Make your own free website on Tripod.com

The Settlements

QUESTION:

Are Israel's settlements in the disputed territories illegal?

ANSWER:

The Truth About the Geneva Convention

Shmuel Katz

(This essay, originally written on April 6, 1979, and later published in Shmuel Katz's book Battletruth, is just as relevant today as when it was first written.)

[The claim by the State Department's legal adviser] that Jewish settlements in the "occupied Arab lands" are illegal is a distortion both of the relevant facts and of the international agreement Israel is alleged to have contravened: the Fourth Geneva Convention of 1949, "Relative to the Protection of Civilian Persons in Time of War."

The primary fact about this convention is that it is not relevant to Jewish settlements in Judea, Samaria and Gaza nor, indeed, to the Israeli presence there. The convention's applicability is defined precisely in its second article: "The present convention," it says, "shall apply to cases of partial or total occupation of the territory of a High Contracting Party."

Now Israel did not and does not occupy the territory of a High Contracting Party. True, she wrested the territories from Jordan and Egypt, but these territories did not belong to them.

They acquired them in an act of naked aggression in their invasion of Western Palestine in 1948.

This pact does rather create a dilemma for the [State Department's] legal adviser. It leaves him without a case.

To insist that Article Two is applicable would mean explicitly to condone the 1948 aggression (about whose political and genocidal purpose the invaders made no secret at the time).

What's he to do? The Jewish settlements have to be illegal. Otherwise the Arabs will be annoyed, oil prices might go up, who knows--Saudi Arabia might initiate an embargo.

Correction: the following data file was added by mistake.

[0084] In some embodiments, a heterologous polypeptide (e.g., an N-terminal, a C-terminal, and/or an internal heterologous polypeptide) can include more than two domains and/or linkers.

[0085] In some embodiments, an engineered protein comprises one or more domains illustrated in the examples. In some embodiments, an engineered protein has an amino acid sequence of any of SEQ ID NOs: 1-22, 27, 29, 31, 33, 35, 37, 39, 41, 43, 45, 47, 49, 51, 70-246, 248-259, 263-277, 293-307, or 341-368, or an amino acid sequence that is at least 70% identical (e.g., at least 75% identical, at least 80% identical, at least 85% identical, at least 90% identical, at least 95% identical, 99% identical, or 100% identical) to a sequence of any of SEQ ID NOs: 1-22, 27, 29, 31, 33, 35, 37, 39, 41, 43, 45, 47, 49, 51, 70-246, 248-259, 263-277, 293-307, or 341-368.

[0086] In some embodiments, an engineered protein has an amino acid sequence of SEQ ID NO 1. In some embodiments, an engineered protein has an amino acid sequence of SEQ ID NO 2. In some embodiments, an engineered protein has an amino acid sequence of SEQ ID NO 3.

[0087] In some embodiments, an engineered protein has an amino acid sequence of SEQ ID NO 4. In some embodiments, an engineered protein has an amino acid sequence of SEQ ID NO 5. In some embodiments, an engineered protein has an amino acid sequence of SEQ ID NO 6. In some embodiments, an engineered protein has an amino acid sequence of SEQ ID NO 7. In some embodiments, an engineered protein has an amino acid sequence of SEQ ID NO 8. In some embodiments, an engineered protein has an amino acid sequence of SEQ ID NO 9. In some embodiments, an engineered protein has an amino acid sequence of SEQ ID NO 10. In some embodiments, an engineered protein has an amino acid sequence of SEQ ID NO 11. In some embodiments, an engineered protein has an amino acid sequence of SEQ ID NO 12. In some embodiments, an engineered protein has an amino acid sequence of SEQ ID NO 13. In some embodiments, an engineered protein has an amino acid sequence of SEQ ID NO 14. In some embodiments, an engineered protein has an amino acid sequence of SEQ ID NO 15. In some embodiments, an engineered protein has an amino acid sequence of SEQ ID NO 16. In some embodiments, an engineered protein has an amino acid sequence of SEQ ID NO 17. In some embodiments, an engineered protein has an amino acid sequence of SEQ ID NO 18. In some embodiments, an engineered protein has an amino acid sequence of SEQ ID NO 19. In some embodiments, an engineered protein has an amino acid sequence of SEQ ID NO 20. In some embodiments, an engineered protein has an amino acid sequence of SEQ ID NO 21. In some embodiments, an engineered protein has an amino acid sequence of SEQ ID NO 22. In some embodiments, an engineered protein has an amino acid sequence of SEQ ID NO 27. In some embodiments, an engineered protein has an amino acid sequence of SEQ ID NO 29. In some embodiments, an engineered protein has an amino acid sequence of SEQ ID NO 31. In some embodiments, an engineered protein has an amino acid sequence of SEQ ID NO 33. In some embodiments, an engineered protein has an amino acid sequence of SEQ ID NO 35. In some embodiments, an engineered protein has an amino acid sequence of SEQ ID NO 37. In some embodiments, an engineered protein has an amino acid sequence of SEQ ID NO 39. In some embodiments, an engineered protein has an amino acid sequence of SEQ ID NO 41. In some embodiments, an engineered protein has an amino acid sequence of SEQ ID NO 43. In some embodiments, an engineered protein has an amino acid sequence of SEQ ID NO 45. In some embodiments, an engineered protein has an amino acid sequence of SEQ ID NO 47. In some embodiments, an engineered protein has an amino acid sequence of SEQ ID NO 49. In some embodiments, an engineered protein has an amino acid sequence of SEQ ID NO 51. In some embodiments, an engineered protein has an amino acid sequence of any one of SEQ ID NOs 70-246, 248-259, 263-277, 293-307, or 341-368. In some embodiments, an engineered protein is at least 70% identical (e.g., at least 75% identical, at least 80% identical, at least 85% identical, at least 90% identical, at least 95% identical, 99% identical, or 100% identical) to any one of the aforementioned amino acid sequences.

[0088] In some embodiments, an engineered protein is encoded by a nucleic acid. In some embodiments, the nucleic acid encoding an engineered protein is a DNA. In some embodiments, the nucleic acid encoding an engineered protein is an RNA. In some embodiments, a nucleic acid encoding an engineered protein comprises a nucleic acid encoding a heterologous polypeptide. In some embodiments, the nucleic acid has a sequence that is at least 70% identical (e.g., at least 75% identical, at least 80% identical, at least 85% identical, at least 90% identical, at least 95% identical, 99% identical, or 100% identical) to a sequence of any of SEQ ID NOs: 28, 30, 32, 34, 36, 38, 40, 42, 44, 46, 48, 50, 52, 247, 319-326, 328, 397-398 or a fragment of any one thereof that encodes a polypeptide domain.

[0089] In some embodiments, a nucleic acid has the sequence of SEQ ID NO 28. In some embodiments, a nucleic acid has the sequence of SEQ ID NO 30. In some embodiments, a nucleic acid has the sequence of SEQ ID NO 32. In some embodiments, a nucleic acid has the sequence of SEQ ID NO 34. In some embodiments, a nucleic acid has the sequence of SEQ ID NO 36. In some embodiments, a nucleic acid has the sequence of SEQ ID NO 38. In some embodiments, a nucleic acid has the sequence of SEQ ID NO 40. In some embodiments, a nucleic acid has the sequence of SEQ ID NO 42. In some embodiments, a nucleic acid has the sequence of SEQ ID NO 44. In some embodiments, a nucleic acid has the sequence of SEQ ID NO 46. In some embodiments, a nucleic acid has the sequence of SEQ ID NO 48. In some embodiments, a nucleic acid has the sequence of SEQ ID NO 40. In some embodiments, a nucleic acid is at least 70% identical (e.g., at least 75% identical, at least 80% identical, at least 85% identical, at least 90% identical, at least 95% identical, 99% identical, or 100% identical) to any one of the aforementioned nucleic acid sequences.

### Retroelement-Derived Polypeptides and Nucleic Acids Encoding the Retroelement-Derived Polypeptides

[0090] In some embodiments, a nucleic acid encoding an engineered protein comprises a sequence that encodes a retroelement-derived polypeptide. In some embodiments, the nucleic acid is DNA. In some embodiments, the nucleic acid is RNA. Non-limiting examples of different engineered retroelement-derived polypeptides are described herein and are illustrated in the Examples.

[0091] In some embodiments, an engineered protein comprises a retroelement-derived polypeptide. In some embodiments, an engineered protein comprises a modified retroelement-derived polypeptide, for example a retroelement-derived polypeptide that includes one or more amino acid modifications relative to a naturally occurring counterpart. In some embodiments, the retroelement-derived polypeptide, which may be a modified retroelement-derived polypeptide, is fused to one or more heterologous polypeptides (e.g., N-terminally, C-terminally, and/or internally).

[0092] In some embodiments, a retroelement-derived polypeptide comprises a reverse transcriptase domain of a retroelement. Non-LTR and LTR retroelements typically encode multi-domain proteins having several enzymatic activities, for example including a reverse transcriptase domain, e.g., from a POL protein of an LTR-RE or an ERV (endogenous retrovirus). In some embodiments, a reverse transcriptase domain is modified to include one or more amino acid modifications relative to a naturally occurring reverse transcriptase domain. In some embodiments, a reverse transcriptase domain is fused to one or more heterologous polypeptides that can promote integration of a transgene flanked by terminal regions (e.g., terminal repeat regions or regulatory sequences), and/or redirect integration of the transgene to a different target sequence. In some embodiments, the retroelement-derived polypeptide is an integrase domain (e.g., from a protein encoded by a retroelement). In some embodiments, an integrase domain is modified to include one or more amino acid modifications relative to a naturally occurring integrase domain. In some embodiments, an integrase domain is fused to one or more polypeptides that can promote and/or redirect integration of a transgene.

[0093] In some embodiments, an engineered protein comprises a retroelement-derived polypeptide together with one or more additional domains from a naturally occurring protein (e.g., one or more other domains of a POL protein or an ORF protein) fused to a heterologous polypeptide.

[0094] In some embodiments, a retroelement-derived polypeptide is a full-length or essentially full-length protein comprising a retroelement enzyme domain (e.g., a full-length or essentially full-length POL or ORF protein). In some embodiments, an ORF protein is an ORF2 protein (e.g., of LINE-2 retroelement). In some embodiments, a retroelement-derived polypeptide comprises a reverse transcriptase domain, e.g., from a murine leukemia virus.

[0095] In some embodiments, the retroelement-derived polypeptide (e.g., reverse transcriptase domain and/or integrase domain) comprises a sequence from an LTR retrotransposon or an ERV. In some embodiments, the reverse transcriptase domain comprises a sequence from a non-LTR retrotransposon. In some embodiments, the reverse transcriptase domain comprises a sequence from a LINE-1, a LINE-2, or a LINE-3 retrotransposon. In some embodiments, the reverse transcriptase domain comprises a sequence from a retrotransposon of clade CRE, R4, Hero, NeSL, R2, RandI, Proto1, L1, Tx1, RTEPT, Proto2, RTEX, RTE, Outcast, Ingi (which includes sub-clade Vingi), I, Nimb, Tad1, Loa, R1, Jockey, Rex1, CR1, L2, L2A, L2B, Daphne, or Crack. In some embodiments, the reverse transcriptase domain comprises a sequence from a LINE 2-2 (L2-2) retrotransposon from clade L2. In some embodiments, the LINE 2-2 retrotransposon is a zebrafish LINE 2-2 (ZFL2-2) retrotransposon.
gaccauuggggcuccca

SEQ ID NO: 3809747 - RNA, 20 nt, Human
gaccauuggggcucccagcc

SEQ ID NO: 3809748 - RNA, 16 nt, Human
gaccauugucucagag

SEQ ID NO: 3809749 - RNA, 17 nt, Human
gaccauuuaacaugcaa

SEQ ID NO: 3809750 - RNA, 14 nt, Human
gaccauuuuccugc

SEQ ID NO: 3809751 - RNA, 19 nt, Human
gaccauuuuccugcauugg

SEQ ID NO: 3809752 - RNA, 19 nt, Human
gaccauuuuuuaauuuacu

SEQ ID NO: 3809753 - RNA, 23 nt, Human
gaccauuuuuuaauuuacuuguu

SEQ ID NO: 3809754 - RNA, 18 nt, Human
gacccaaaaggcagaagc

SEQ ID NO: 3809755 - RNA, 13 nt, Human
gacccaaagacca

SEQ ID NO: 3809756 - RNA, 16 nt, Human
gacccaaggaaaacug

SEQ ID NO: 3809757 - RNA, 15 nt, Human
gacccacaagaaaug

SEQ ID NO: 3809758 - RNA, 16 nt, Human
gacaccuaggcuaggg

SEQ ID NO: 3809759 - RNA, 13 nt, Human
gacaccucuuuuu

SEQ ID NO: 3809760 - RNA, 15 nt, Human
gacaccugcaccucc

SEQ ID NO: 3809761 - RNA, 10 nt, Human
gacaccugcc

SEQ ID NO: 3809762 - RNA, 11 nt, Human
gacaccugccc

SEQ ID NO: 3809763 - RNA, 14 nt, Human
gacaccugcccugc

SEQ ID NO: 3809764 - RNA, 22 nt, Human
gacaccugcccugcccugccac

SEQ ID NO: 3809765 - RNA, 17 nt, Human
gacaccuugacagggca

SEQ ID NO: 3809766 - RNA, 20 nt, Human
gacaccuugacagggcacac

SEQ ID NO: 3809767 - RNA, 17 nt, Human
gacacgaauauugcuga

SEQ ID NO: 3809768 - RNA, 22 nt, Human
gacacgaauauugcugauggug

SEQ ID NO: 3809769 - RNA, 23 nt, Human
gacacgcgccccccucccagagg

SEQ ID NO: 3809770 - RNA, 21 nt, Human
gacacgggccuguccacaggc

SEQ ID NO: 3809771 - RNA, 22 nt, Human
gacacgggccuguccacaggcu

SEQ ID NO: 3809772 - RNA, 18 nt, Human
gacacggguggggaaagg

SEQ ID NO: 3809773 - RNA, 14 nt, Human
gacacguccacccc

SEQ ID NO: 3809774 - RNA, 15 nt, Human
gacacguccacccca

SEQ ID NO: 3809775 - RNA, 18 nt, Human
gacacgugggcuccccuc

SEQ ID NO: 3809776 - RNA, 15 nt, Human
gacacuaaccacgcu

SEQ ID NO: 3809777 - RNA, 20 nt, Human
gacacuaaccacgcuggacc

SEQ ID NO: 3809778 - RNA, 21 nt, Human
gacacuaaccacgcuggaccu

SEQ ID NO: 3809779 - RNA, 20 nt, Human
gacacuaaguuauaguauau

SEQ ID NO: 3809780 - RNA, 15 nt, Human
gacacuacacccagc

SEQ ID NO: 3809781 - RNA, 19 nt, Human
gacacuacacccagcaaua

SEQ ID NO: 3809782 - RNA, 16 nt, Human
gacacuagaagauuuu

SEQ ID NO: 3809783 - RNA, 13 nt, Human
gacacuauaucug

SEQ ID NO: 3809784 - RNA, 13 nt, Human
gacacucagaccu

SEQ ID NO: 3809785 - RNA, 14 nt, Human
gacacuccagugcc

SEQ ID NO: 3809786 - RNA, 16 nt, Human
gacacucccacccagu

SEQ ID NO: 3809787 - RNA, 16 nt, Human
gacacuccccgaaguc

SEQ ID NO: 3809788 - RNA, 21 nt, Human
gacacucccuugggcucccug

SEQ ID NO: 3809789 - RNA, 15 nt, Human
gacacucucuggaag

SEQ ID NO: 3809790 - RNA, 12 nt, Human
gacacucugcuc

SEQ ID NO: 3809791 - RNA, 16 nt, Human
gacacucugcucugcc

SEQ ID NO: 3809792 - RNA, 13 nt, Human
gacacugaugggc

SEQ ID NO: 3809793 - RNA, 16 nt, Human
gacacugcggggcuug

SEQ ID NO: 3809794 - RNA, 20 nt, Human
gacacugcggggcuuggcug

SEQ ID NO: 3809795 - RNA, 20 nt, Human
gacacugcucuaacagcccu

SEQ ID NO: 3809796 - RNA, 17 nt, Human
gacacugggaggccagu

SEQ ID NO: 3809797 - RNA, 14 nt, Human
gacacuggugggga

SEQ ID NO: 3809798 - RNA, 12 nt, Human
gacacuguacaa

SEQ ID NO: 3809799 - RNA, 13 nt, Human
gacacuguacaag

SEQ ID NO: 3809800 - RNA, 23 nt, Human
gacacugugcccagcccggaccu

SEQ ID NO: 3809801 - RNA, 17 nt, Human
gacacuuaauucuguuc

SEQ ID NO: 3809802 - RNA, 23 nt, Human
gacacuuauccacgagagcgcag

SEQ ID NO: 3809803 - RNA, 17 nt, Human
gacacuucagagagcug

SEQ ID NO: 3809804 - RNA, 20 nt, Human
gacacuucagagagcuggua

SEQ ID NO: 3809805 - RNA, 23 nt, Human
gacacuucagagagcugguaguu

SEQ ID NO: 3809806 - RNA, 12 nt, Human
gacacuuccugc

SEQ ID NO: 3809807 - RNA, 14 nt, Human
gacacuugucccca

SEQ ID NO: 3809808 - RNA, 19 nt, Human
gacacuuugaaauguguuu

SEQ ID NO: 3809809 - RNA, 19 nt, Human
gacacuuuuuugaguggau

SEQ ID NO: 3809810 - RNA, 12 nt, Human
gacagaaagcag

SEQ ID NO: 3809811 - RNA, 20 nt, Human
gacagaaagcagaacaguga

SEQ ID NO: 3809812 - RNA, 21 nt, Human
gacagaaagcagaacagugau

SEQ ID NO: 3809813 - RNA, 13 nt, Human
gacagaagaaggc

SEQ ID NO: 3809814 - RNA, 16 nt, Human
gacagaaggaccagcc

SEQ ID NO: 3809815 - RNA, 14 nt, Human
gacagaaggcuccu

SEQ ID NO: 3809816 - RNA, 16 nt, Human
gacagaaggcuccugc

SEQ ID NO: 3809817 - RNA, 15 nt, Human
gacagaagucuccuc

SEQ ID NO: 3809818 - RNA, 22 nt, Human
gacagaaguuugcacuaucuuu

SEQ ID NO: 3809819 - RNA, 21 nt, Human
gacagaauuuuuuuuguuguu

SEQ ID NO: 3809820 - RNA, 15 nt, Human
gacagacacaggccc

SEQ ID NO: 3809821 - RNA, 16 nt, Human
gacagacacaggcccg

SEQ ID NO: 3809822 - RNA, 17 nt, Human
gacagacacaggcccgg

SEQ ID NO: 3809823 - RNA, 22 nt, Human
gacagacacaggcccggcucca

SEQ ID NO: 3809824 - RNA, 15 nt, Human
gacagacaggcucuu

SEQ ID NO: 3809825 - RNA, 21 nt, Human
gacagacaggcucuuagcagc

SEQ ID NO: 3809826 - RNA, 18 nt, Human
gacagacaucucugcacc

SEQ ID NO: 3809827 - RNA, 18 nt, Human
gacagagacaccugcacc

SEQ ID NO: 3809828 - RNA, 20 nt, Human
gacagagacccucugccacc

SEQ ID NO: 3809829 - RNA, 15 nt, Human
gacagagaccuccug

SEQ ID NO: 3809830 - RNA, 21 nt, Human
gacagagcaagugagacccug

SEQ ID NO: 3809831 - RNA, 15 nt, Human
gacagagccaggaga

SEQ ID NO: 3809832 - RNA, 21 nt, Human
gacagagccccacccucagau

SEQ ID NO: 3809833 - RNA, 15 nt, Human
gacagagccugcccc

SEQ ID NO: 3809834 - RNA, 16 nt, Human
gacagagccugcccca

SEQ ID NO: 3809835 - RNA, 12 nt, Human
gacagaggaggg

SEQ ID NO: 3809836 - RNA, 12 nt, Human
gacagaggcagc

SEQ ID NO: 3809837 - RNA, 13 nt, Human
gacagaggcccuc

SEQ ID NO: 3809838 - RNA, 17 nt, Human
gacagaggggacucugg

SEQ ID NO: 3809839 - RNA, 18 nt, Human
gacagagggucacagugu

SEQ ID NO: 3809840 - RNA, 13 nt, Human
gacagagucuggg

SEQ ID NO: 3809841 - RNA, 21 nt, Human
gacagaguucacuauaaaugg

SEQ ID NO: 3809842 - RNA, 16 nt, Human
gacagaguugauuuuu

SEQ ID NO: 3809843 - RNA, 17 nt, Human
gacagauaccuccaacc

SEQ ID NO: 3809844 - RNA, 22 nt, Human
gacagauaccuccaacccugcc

The solution turns out to be simple: Ignore Article Two, do not quote it, do not mention it, erase it.

The legal adviser consequently boldly insists that the "principles" of the convention "appear applicable whether or not Jordan and Egypt possessed legitimate sovereign rights in respect of these territories." He then announces that the paramount purpose of the convention is "protecting the civilian population of an occupied country."

Having cleared the ground of the unhelpful text of the convention itself, and having amended it to suit his purpose, the legal adviser might now reasonably be expected to follow up with his proofs that Israeli settlements do indeed interfere with, or prevent, or reduce the protection of the Arab population in Judea, Samaria, and Gaza. The reader will wait with bated breath for the lurid details. He will wait in vain. After all his labors, the legal adviser obviously discovered that Jewish settlement has not had any adverse effect on the protection of civilians in the areas. He could, of course, make some up. That kind of thing has been done before. But this is apparently no job for a legal adviser. Therefore he simply leaves the subject, claims nothing, makes no charge, and goes on to the next "proof" of Israeli illegality.

Now indeed comes his tour de force: and here he advances from mere obfuscation to somewhat blatant misrepresentation.

His "exhibit" is Article 49 of the convention-made particularly famous by much debate among international lawyers.

Article 49 had a special history and a specific purpose. It was designed to proscribe actions of a specific nature that had characterized the Nazi occupation in Europe. They had deported people, sometimes whole communities, some to Germany, others to occupied territory, some to labor as slaves, some to be killed.

The first paragraph of Article 49 therefore lays down that: "Individual or mass forcible transfers, as well as deportations of protected persons from occupied territory to the territory of the Occupying Power or to that of any other country, occupied or not, are prohibited, regardless of their motives."

In some cases, the Nazis transferred Germans into the occupied territories to replace and "inherit" from the expelled local population.

The last paragraph of the Article, therefore, proceeds to prohibit this type of action. Paragraph 6 says: "The Occupying Power shall not deport or transfer parts of its own civilian population into the territory it occupies.

It is on this sixth paragraph of Article 49 that the U.S. Government hangs its charge of illegality against Jewish settlement in Judea, Samaria, Gaza, Sinai and the Golan Heights.